Letter: What happens if firefighters can’t afford Asheville?

Graphic by Lori Deaton

I recently listened to excerpts of the narratives by Asheville Fire Department employees to the City Council. One after another, these professionals spoke of being paid less than the cost of living in the community they serve.

Each of these individuals [is] fully trained and fully skilled to save our lives and to put out fires that would damage our lifestyles. Each presenter documented how, at their current rate of pay, their plan to live and thrive in Asheville is going up in flames. As other Asheville firefighters have done, many of them will have to find higher-paying jobs in their chosen craft in another community or make a complete career switch.

My question is: Without a level of monetary compensation that provides a living wage, when these individuals for good reason leave the department and their position is vacated, what else will go up in flames?

— Richard Boyum


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2 thoughts on “Letter: What happens if firefighters can’t afford Asheville?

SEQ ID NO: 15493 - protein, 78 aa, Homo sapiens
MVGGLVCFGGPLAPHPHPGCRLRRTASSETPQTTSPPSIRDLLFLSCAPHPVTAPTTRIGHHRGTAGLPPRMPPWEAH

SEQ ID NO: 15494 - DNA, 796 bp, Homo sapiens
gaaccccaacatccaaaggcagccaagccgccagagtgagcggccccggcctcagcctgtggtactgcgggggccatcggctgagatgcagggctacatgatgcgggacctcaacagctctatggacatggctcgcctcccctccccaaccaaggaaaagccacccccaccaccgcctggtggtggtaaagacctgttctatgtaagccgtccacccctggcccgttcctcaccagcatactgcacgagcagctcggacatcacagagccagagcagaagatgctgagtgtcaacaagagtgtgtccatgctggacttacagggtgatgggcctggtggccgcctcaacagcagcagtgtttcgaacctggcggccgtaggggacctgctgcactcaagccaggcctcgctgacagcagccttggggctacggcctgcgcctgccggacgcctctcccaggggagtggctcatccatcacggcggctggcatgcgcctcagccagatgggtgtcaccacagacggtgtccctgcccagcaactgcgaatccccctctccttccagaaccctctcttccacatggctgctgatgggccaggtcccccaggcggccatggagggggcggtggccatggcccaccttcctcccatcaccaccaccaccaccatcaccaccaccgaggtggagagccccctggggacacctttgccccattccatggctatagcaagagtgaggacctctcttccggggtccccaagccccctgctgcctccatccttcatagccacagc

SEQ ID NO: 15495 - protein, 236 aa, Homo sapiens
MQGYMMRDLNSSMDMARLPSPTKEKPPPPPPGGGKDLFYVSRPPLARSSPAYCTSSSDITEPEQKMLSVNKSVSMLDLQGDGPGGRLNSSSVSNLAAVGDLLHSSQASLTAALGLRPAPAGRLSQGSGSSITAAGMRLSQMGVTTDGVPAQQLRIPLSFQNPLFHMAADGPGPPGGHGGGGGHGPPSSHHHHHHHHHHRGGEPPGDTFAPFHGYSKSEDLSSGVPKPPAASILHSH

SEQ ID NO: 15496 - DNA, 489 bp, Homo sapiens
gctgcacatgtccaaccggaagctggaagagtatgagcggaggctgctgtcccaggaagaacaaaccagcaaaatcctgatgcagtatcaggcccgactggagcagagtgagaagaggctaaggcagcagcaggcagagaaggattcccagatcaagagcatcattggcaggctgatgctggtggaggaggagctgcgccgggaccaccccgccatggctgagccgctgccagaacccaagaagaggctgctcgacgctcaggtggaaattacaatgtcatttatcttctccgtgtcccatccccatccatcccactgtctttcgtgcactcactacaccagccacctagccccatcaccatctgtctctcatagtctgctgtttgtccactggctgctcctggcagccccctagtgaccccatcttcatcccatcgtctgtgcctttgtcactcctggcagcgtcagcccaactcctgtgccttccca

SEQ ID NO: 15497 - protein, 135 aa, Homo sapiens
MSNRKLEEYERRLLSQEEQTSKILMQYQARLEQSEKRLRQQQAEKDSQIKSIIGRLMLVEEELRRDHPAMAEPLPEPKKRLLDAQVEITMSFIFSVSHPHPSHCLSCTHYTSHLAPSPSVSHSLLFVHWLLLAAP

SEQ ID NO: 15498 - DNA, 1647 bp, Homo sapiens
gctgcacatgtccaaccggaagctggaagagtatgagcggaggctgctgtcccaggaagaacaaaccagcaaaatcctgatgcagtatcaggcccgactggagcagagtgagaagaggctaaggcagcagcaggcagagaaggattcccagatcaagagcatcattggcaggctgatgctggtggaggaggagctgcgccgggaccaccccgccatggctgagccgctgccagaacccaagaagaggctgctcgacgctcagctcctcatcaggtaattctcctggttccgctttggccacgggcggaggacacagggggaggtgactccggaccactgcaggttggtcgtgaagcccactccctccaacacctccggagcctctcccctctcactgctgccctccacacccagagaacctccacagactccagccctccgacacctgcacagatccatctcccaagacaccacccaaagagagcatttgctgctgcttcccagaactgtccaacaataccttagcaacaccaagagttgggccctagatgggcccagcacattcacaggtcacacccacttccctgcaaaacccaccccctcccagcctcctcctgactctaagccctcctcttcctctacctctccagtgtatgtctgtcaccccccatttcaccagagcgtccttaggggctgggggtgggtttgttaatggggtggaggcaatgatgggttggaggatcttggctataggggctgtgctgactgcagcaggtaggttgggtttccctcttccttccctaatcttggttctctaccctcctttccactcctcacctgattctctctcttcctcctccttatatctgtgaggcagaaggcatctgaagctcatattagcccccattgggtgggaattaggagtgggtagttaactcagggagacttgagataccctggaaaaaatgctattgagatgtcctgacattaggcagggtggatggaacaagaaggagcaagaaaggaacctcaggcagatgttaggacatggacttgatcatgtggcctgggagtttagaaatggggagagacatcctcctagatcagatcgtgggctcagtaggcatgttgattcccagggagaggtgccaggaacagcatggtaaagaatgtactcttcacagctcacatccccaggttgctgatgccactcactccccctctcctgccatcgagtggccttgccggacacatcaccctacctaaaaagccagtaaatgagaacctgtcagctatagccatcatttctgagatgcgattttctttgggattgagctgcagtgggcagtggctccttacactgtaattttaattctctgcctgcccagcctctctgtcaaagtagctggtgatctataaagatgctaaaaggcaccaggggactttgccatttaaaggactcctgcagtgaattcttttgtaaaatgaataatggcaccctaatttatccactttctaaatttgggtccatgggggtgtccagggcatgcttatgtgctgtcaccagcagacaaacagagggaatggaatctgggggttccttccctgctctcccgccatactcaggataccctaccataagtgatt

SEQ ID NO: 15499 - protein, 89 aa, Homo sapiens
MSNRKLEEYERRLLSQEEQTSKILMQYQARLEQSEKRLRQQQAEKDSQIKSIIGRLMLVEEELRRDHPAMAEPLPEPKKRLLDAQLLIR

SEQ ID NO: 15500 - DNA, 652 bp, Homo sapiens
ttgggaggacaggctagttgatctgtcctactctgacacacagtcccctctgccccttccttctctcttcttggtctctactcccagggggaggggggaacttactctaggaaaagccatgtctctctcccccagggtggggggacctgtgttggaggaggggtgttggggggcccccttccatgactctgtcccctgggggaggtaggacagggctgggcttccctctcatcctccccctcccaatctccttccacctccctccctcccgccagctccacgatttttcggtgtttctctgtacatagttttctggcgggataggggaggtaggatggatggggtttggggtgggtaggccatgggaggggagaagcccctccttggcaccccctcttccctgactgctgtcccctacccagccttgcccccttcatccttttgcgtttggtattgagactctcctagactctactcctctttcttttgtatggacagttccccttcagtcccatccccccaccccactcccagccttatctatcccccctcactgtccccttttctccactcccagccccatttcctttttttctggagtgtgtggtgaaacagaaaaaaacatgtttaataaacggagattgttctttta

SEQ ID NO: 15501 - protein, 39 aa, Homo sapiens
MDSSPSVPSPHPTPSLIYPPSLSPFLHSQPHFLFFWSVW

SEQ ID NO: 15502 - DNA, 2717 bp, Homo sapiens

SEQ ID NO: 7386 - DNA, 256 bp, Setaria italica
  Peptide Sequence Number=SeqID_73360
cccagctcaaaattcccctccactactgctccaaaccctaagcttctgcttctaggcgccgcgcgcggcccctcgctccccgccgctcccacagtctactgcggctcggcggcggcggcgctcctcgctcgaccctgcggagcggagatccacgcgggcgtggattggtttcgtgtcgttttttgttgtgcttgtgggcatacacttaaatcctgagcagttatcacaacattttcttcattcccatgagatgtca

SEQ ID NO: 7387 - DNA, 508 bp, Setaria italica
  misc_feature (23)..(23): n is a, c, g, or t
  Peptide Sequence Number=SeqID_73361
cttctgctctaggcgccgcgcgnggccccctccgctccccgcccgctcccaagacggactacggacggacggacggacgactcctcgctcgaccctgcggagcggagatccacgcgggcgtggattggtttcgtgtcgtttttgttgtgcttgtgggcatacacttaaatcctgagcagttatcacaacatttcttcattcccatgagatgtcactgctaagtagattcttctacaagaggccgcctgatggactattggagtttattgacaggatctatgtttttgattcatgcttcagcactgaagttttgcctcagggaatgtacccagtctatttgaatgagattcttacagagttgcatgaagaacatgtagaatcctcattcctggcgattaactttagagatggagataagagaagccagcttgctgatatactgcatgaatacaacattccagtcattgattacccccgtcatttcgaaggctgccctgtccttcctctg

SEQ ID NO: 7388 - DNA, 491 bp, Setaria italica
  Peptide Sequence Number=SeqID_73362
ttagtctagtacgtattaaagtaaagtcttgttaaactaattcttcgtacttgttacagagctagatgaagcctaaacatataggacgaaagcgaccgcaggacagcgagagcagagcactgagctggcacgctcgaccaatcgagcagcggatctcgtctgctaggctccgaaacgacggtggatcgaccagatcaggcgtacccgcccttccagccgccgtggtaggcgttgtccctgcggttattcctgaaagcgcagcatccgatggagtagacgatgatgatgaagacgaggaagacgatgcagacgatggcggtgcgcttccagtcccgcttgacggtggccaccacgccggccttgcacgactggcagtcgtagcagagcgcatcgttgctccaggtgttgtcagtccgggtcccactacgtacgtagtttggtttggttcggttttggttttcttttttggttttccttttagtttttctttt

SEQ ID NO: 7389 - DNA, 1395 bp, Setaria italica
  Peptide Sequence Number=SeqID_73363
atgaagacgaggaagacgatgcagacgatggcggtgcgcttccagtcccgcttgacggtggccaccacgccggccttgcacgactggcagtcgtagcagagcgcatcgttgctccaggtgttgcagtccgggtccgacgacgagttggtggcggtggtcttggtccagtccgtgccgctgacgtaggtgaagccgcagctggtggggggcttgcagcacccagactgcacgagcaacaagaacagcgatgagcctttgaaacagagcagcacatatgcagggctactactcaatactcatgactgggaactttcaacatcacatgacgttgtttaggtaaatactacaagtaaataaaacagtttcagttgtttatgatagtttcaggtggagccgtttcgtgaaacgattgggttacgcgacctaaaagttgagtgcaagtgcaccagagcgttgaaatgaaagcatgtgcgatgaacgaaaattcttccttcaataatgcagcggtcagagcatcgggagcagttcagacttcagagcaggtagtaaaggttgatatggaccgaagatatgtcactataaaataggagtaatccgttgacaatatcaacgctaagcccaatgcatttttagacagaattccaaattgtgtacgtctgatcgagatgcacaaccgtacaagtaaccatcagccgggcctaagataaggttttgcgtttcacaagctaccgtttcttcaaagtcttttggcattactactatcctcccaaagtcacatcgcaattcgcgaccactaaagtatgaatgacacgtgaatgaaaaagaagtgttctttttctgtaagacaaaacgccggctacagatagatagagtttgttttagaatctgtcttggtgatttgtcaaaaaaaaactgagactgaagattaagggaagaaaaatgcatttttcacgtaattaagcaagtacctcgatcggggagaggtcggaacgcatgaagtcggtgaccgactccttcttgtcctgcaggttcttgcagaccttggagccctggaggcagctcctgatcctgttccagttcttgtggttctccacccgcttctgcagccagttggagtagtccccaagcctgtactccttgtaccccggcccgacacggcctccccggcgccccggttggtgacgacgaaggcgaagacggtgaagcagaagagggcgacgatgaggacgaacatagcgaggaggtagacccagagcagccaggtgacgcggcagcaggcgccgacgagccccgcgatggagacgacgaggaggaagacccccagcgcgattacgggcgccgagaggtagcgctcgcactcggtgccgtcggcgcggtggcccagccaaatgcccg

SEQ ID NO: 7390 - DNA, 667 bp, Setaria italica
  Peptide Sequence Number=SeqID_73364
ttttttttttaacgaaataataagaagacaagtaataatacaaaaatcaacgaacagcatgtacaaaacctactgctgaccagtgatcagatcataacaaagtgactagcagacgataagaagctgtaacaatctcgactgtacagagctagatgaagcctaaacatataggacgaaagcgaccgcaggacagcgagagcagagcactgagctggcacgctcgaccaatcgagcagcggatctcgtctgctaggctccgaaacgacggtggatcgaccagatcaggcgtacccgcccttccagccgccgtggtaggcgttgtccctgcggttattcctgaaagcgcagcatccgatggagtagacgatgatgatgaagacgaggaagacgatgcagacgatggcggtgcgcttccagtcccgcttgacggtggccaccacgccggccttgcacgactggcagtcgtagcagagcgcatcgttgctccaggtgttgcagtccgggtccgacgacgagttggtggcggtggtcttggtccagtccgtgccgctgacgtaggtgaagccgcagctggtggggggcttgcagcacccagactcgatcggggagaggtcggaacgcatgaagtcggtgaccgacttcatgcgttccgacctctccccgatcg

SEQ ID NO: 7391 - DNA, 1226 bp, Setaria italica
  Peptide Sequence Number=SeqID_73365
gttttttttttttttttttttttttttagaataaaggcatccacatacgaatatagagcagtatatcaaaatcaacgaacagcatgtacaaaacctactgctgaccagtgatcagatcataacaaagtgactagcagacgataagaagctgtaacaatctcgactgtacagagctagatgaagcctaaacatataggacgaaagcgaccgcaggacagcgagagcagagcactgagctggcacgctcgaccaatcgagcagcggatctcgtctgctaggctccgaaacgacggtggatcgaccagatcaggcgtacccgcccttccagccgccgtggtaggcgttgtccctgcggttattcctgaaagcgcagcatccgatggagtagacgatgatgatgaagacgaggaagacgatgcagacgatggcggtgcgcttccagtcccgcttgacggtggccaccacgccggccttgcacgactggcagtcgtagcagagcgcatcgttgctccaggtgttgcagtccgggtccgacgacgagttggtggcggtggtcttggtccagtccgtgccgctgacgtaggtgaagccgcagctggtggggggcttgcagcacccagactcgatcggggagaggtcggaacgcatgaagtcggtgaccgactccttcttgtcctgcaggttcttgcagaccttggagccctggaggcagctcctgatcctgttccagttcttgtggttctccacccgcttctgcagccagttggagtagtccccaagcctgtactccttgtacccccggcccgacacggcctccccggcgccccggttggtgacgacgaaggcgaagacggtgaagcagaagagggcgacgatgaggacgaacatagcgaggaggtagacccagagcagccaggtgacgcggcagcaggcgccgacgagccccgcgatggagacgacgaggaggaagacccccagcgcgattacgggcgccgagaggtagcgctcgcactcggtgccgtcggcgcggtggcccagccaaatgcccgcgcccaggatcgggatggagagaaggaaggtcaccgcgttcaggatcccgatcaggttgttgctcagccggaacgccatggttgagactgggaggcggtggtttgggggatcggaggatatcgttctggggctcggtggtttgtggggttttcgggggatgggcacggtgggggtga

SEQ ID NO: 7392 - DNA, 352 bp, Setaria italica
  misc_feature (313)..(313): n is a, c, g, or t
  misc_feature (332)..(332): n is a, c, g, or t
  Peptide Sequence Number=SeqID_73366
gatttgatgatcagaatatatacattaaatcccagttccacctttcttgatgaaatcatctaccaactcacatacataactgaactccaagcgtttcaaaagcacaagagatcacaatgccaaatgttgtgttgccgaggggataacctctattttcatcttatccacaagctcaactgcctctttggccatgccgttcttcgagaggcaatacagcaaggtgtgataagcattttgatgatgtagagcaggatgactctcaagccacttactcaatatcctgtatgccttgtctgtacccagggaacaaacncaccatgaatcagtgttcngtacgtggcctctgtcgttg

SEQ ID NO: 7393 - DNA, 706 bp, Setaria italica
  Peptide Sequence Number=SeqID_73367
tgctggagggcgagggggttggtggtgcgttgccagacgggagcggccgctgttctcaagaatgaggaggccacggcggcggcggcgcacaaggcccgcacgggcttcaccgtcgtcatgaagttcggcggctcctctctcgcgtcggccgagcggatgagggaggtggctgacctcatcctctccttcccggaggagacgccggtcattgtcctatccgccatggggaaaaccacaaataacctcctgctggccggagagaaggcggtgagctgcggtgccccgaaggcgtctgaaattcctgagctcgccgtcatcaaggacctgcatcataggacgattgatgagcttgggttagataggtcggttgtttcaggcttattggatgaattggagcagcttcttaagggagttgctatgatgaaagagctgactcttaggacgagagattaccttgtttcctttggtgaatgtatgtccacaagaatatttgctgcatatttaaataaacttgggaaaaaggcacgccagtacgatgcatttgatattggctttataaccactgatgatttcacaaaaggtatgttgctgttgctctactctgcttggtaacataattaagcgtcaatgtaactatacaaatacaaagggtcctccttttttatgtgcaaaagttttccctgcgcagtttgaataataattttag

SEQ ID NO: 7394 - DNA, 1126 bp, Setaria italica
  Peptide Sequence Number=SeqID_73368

1. Bright

    Asheville can give always give tourists a discount on their hotel costs by letting them be “on call” for firefighting whilst in this impoverished city.

  2. Hiram

    The main reason that essential workers can’t afford to live here is the carnage that tourism has inflicted on the long-term housing market. Money, money, everywhere. And not a drop to drink…

    “Researchers have found that short-term rentals have taken 2,500 homes off the rental market in Los Angeles and increased rents $810 per year for the average L.A. household. They’re also responsible for more people becoming homeless in L.A. each night.”

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